A Happy Heart
“So what do you do?”
In the ‘70s when strangers at parties asked this, I could have fudged…just say I worked for the county, and leave it at that. Instead I’d provide a flat-out conversation-stopper.
“I’m the psychiatric social worker for MacLaren Hall’s nursery,” I’d answer. “That’s where neglected and abused kids await court disposition. I do play therapy with the toddlers, and try to get help for their abusing parents.”
I’d smile and wait. People usually inched away, as if I’d confided that I ran pigeon drop scams on senior citizens. Or that I might be contagious.
During the ensuing silence, I’d watch eyes glaze and jaws drop.
“Oh,” they’d sputter, “I couldn’t do that.” They’d nod and sidle off in search of someone with a more socially redeeming occupation.
Burnout rates soar in my profession. Social workers, like police, rarely get thanked. Instead, they’re criticized by the very people they strive to aid, and vilified by the press and the general public for not doing enough.
I didn’t expect accolades, parades, or even sympathetic ears from strangers at parties. Nobody wants to hear about babies who’ve been abandoned in garbage bins or children who’d been tortured. I understood that, so I didn’t tell horror stories.
If anybody stuck around long enough, I could relate sunny tales. Many addicted parents I’d counseled successfully completed rehab, found jobs, and visited their children who were in foster care. I could mention the four-year-old voluntary mute who spoke again as we manipulated finger puppets.
In earlier days, my husband, Bob, a policeman, listened patiently when I vented. With an equally stress-filled job, he empathized. Over the years, though, he’d sought relief in vodka, eventually spiraling downwards into alcoholism. He’d been in several out-patient programs, and on and off the wagon, but nothing took. I’d occasionally think of divorce, but I’d shove that troubling notion aside. He needs me, I’d convince myself.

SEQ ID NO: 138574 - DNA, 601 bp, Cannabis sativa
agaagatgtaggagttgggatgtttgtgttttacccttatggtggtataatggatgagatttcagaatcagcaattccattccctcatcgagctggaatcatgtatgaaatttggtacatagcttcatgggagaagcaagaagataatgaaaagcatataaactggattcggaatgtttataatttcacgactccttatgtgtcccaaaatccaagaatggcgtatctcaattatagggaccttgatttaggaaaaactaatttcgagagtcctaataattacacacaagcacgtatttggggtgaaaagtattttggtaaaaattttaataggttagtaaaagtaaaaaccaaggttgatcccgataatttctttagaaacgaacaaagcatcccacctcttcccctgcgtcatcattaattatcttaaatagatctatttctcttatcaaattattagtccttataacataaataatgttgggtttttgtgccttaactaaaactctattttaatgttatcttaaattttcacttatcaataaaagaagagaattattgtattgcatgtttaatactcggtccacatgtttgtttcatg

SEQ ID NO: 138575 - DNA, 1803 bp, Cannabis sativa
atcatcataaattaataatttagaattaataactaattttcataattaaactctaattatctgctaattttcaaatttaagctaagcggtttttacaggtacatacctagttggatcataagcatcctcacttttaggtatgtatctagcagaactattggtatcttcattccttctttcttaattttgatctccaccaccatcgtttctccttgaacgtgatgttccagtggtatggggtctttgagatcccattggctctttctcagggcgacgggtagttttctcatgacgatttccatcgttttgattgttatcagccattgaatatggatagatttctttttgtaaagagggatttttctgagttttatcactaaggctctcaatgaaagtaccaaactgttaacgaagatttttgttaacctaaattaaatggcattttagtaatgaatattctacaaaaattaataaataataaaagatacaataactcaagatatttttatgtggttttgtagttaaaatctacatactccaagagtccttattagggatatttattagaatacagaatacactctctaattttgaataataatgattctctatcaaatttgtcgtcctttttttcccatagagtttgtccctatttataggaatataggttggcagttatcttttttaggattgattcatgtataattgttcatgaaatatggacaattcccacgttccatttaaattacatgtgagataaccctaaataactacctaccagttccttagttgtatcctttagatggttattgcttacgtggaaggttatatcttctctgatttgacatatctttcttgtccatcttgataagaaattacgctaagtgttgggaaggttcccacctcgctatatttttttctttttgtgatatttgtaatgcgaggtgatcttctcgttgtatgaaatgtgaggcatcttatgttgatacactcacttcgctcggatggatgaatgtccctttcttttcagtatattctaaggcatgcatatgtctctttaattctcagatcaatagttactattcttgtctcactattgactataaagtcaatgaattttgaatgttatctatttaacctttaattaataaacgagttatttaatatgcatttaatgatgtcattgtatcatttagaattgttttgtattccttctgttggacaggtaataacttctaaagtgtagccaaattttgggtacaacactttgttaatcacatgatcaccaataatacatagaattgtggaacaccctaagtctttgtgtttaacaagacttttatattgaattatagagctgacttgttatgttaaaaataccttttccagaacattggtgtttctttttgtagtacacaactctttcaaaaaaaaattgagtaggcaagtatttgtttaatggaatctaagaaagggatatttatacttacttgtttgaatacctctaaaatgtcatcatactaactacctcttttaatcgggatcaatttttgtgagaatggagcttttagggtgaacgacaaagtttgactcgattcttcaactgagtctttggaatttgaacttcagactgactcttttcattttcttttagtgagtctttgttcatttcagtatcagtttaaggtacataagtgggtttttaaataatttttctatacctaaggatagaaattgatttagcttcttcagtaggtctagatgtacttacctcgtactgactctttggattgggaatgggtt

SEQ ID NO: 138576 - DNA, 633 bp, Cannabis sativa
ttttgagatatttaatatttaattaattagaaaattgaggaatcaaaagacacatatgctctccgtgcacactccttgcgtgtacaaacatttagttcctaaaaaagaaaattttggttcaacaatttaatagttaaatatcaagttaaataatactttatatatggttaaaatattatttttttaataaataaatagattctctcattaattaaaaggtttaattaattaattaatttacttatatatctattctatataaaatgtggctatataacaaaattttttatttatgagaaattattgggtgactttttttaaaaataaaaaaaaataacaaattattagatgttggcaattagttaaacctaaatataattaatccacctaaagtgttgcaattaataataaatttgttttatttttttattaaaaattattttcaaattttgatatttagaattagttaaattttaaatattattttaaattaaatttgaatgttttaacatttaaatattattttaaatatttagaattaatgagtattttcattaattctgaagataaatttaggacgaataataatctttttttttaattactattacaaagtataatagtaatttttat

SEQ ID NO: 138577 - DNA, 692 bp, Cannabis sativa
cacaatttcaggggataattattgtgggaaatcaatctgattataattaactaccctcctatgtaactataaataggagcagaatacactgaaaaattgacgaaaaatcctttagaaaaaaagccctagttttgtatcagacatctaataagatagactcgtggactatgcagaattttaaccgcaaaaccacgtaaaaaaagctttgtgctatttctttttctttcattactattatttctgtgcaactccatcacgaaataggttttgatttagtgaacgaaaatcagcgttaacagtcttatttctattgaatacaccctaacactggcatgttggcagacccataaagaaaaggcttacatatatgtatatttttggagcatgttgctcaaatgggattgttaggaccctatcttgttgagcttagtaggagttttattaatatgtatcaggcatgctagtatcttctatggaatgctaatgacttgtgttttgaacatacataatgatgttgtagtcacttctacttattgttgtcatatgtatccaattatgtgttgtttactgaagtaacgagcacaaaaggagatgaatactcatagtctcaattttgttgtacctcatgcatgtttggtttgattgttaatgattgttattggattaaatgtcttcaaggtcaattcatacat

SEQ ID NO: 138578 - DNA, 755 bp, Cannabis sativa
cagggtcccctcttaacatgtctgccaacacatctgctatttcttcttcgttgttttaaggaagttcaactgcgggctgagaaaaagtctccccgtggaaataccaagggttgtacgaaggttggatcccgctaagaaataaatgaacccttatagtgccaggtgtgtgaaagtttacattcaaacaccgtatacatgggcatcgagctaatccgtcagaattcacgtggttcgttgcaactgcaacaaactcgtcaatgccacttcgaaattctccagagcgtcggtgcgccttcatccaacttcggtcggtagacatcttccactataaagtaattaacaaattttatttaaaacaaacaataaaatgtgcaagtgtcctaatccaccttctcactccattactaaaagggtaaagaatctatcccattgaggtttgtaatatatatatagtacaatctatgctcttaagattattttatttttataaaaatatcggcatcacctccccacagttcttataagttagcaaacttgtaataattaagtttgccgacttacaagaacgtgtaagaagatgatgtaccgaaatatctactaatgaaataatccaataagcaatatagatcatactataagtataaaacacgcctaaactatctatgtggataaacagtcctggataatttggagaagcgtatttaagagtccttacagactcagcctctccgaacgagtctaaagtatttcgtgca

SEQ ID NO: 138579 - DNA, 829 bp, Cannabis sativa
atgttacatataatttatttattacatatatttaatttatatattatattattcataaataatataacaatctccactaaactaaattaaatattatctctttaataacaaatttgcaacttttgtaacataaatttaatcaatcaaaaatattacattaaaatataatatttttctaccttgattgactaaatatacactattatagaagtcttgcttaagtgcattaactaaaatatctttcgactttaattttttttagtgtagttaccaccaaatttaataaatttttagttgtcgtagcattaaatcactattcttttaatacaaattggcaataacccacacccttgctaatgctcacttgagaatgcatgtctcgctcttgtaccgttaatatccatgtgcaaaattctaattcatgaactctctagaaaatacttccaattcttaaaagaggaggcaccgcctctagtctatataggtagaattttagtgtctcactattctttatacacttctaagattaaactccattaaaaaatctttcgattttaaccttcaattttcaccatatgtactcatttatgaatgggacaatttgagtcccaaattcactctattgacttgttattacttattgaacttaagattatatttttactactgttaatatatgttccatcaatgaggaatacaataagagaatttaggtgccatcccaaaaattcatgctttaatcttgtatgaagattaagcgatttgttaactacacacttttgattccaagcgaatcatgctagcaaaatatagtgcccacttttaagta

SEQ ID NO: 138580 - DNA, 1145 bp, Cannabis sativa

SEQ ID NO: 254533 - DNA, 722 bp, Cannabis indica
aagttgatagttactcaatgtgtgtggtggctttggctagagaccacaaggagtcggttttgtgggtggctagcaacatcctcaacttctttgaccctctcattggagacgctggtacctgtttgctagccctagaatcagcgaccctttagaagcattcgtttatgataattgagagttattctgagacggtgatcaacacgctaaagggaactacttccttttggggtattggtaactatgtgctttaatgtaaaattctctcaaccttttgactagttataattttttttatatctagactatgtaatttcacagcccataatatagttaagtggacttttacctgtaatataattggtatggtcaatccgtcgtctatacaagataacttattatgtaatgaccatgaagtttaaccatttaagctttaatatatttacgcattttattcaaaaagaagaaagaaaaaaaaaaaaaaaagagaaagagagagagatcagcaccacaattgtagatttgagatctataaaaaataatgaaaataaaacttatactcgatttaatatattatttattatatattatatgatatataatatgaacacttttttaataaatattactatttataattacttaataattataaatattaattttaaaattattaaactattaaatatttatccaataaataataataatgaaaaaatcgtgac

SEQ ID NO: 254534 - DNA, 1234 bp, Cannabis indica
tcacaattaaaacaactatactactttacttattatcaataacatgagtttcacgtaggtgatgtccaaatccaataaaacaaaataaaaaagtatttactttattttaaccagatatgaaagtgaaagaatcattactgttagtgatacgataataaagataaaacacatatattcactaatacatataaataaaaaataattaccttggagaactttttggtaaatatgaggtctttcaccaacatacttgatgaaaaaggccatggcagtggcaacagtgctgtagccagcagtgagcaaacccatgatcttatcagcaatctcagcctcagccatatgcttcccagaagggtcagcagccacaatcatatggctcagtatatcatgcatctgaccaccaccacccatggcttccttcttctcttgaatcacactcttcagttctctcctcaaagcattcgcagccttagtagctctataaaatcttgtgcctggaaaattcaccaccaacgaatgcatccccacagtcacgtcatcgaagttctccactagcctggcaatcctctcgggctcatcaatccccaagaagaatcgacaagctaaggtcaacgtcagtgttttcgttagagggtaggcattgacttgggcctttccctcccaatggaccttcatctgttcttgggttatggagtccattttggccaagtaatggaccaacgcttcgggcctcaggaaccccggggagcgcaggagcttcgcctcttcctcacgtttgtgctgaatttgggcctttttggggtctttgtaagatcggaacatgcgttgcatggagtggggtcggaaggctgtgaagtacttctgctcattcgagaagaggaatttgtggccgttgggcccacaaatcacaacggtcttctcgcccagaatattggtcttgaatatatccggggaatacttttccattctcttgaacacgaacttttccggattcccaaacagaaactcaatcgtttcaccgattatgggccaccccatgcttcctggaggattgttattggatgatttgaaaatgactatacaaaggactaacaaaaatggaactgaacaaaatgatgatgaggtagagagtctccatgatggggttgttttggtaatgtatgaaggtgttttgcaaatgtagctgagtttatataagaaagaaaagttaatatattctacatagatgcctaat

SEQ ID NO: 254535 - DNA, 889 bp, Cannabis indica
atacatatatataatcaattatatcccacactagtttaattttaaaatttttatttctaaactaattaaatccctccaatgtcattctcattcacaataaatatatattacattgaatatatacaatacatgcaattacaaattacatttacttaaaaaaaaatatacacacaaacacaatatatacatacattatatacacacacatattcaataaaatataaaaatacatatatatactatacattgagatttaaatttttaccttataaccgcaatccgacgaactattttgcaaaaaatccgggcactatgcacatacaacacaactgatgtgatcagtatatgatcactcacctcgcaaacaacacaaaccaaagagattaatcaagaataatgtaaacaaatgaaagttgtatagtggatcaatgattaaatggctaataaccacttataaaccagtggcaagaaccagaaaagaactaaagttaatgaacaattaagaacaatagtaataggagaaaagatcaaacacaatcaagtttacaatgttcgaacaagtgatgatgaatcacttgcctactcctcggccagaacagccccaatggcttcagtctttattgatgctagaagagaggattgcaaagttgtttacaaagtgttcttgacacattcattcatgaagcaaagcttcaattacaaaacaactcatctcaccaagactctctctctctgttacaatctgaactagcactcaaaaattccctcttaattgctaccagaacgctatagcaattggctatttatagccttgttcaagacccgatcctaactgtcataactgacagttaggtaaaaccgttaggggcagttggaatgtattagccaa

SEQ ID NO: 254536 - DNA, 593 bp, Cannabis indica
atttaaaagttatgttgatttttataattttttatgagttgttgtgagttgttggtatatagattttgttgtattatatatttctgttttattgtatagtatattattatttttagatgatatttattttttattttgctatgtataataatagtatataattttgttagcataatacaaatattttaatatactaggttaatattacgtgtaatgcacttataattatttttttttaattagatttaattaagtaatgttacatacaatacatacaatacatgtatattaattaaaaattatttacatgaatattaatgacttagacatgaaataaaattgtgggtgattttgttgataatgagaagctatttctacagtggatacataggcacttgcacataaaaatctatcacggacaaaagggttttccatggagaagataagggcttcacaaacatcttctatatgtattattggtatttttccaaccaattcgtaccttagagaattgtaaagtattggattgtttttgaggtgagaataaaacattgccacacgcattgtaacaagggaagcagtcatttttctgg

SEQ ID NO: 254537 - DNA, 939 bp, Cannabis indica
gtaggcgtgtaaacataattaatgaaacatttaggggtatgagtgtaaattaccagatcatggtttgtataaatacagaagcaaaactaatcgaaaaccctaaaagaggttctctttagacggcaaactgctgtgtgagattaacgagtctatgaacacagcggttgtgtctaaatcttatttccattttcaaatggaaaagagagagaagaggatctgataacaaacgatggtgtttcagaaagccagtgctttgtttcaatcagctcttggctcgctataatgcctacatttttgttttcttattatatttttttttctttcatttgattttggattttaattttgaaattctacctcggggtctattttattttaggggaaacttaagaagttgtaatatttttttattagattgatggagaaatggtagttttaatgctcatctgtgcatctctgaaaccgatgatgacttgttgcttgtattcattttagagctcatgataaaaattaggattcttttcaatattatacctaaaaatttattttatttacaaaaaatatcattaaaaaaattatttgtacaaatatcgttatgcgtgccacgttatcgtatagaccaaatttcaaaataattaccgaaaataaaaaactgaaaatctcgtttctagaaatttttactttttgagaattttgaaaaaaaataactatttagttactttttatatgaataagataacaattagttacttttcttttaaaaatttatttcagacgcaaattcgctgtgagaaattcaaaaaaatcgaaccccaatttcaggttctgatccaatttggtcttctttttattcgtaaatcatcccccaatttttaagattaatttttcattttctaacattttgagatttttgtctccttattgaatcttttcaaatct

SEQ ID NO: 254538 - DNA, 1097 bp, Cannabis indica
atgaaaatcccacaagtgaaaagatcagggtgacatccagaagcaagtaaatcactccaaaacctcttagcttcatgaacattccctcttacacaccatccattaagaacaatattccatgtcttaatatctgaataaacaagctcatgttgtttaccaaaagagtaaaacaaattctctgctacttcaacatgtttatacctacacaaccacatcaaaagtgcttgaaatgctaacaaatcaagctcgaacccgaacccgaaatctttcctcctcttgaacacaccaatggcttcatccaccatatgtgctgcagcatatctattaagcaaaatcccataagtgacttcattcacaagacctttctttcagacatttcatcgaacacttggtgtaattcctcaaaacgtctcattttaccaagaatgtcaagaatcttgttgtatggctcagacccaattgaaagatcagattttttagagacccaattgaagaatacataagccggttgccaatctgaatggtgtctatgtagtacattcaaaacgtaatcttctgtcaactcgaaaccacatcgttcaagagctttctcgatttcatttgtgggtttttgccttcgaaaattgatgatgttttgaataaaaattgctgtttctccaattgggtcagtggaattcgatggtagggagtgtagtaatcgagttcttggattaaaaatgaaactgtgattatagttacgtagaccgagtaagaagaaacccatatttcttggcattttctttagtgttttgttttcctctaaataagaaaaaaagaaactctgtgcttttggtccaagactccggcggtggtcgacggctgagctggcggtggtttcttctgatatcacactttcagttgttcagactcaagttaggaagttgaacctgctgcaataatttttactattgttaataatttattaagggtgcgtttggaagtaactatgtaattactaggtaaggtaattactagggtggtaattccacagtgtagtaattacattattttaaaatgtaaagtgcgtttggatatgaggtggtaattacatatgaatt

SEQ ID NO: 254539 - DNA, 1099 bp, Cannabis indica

Not long before I started at MacLaren, Bob entered an in-patient program. This one worked. With a commitment to sobriety, he no longer was around to give me emotional support. He spent every free minute in Twelve Step meetings and hospital aftercare programs.
I needed to find support elsewhere. I recognized that some of my colleagues already suffered from compassion fatigue, burnout, and depression. Some coped by eating compulsively or relying on tranquillizers. I wanted to continue with my job, but certainly didn’t want to pack on unneeded pounds, float through my days like a zombie, or eventually be diagnosed with post-traumatic stress disorder.
I started to frequent an art gallery that published a magazine. I wrote articles for it, and made friends who were artists, photographers and poets. I enrolled in an aerobic dance class, and lost myself in choreographed routines, pretending to be a Broadway chorine.
Despite these distractions, my marriage continued to unravel. One day, toweling off after a particularly invigorating aerobics session, I noticed my heartbeat seemed to stutter. By the time I got dressed, it beat normally again. I forgot about it until one day at work when I broke out in a cold sweat. The stutter had returned.
I saw my doctor, who gave me an electrocardiogram test.
“You’re experiencing premature ventricular contractions, commonly called PVCs,” she explained. “It’s not dangerous yet, but it could be. What’s going on in your life?”